Long before Gerrit Cole's junior baseball season, UCLA Coach John Savage identified the Orange Lutheran right-hander as having one of the better pitching arms in the Southland. Savage got an early commitment from Cole and started to make plans for when Cole would arrive for the 2009 college season.
Then Cole began throwing 97-mph fastballs last October, enlisted Scott Boras as his draft advisor and received national attention as a possible top choice, leaving Savage to play a nervous waiting game.
"He's jumped off the charts velocity-wise, and now we're going to have to see the consequences," Savage said. "We hope we have enough to offer that he says, 'That's my best route.' "
As the high school baseball season gets underway Friday, one easy prediction is for radar gun-toting scouts to come out en masse whenever Cole is on the mound.
At 6-feet-3 and 205 pounds, Cole throws his fastballs consistently in the mid-90s, with a curveball at 82 mph. Last season, when he was 3-0 in 27 innings, he showed hints of being a dominant pitcher, striking out all nine batters in a three-inning stint against San Juan Capistrano JSerra.
His challenge this season is to go out as a regular starter each week, throw strikes, help his team win and try to ignore all the scouts following his every move.
"It's definitely going to be a different year, but I can't say I'm not used to it," he said. "Through the summer, it's been pretty much the same, I went to Cincinnati -- 200 guns. I went to Area Code -- 300 guns."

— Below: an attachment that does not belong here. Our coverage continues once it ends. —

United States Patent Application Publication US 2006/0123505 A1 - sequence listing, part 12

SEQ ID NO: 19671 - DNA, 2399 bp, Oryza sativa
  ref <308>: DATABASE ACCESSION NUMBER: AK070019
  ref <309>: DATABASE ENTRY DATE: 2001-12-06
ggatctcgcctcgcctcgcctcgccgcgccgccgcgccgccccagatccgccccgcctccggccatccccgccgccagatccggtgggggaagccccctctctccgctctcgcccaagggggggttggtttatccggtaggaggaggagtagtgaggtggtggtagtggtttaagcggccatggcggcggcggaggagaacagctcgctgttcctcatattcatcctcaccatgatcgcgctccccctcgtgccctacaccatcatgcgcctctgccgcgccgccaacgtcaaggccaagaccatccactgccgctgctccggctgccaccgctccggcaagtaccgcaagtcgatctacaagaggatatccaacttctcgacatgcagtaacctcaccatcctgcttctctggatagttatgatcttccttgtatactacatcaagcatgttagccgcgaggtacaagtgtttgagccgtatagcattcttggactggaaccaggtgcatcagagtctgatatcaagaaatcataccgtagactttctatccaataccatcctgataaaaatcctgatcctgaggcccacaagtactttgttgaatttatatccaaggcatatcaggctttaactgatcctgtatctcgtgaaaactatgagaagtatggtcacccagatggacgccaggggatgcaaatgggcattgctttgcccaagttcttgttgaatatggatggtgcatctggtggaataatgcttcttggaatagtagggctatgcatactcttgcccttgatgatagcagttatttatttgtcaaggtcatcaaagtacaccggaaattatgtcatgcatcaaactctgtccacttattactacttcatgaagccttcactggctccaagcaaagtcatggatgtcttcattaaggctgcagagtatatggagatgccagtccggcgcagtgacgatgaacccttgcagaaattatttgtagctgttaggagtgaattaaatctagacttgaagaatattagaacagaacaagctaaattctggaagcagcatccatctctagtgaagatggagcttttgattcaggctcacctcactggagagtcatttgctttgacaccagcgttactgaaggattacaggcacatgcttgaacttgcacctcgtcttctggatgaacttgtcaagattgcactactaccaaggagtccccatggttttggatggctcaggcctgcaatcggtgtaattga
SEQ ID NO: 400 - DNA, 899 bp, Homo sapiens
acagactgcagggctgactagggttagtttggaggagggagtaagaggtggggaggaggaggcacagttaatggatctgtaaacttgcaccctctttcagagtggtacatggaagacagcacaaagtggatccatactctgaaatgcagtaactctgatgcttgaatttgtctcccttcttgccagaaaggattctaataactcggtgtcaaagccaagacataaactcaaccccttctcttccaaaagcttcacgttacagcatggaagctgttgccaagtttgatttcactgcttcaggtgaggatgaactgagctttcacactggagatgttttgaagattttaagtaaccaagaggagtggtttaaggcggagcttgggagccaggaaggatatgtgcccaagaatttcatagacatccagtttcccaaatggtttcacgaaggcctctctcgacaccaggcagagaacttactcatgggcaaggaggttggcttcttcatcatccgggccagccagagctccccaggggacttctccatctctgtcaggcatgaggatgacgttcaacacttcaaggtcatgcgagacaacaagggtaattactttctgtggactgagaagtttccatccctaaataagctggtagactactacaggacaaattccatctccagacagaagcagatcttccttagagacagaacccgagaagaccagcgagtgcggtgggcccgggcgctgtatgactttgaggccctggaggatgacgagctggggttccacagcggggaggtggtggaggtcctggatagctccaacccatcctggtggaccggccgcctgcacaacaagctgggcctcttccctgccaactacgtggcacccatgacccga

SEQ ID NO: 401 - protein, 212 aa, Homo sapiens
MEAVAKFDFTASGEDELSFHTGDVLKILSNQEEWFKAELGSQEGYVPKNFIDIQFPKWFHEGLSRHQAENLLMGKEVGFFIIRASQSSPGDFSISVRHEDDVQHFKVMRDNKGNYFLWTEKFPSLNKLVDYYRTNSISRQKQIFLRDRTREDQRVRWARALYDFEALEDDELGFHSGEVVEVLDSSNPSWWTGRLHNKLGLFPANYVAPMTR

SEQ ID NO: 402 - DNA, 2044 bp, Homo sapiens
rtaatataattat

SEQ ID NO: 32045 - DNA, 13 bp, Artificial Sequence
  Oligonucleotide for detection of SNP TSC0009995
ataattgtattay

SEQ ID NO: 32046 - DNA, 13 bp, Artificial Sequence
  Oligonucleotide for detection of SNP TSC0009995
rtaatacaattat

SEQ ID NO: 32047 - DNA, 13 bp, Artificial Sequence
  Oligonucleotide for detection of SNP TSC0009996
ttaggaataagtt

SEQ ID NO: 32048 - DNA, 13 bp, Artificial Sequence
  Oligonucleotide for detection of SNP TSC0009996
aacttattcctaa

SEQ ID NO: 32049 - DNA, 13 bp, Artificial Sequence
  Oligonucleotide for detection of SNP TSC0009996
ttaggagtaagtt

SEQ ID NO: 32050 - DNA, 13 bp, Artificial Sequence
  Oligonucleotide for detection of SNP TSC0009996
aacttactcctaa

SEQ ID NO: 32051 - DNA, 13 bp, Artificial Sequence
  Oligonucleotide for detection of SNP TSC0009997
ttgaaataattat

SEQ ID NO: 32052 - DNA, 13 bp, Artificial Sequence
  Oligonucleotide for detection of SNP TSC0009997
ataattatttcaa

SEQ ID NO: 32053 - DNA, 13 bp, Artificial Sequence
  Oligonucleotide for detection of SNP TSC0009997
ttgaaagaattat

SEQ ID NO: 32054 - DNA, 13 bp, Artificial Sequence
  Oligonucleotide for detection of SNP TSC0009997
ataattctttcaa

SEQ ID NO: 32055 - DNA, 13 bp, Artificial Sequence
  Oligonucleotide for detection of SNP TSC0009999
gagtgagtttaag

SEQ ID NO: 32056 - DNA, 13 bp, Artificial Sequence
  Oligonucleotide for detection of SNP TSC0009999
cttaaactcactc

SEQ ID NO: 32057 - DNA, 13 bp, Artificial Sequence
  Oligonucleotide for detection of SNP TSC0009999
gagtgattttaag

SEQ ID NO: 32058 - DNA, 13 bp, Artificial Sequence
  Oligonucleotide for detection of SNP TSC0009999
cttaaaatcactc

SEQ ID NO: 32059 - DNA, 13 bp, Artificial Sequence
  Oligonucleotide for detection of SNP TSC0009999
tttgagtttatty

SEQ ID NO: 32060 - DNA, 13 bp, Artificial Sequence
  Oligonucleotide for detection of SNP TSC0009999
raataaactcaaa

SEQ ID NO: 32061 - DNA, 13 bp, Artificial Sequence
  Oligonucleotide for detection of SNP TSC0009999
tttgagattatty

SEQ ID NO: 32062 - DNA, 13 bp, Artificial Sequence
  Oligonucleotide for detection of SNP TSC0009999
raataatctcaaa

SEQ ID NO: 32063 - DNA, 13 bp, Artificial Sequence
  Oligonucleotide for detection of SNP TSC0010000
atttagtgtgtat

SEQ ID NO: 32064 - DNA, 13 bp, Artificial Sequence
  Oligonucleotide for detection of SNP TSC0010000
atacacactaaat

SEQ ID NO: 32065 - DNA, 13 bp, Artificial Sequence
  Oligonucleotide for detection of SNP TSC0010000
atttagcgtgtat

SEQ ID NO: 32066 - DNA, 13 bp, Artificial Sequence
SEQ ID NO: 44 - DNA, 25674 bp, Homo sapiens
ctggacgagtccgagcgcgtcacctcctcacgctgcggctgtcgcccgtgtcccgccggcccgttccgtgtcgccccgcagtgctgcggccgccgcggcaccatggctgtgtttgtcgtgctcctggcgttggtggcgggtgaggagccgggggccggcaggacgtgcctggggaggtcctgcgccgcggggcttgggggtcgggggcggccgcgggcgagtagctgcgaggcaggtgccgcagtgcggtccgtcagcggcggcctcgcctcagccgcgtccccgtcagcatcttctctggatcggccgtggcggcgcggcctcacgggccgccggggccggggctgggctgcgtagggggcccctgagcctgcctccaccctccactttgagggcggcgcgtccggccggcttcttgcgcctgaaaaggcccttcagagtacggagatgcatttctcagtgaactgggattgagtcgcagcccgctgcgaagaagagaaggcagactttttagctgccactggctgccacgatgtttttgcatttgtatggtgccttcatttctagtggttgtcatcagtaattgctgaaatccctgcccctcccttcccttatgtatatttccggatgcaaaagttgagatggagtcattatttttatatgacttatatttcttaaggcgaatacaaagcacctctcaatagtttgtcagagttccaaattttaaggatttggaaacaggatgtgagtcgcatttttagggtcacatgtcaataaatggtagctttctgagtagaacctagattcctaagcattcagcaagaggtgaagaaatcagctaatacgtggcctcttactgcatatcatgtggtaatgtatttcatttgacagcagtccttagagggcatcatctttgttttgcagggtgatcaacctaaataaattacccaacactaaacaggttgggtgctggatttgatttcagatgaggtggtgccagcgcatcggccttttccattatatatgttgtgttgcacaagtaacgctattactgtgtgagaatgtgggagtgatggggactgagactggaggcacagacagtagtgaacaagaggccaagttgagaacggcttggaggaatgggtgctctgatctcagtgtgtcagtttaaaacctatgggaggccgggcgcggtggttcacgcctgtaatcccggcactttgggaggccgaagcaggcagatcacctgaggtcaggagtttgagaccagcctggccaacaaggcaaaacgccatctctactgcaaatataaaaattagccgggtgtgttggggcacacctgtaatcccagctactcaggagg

As for the sensation of looking up and seeing dozens of radar guns pointed in his direction, Cole said, "You see a lot of white squares and you're like, 'Oh my God.' It's a whole different feeling."
During a tournament game in Jupiter, Fla., in October, Cole said there were some 500 talent evaluators at his game.
"It was pretty crazy," he said.
Last year, there were three Southland high school players selected in the first 12 picks of the June amateur draft. This year's top candidates include catcher Kyle Skipworth from Riverside Patriot, outfielder Aaron Hicks from Long Beach Wilson, outfielder Isaac Galloway from Los Osos, pitcher-outfielder Anthony Gose from Bellflower and shortstop Cutter Dykstra from Westlake Village Westlake.
Cole learned an important lesson over the summer when he put too much pressure on himself and turned in a poor performance during a tournament in North Carolina.
"I was really stressed and did not perform well," he said. "I learned that you can't let that stuff get to your head. You have to have fun, do your thing and don't let anyone dictate how you're going to do, whether by radar guns or talking to you before the game."
Lutheran Coach Mike Grahovac, who has three pitchers who signed with NCAA Division I schools, said of Cole, "As long as I've been around baseball, he's the best talent I've been around."
Cole has a 3.8 grade-point average, enjoys school and was wearing a UCLA baseball shirt around campus last month, indicating he's keeping his options open. And he's in no hurry to choose between college and the pros.
"I just want to put it off as much as possible and enjoy the season," he said.
None of his teammates have asked him to co-sign for a car loan, though they tease him, "Are you going to get a manager like A-Rod?"
Savage can tell everyone the No. 1 high school pitching prospect in the nation has signed with UCLA, but he doesn't know if he'll ever get the chance to work with him.
"We still feel good about it, but I don't think anyone knows until draft day what's going to happen," Savage said.
What's certain is Cole will bring lots of heat to Orange County baseball diamonds this spring.Copyright © 2014, The Baltimore Sun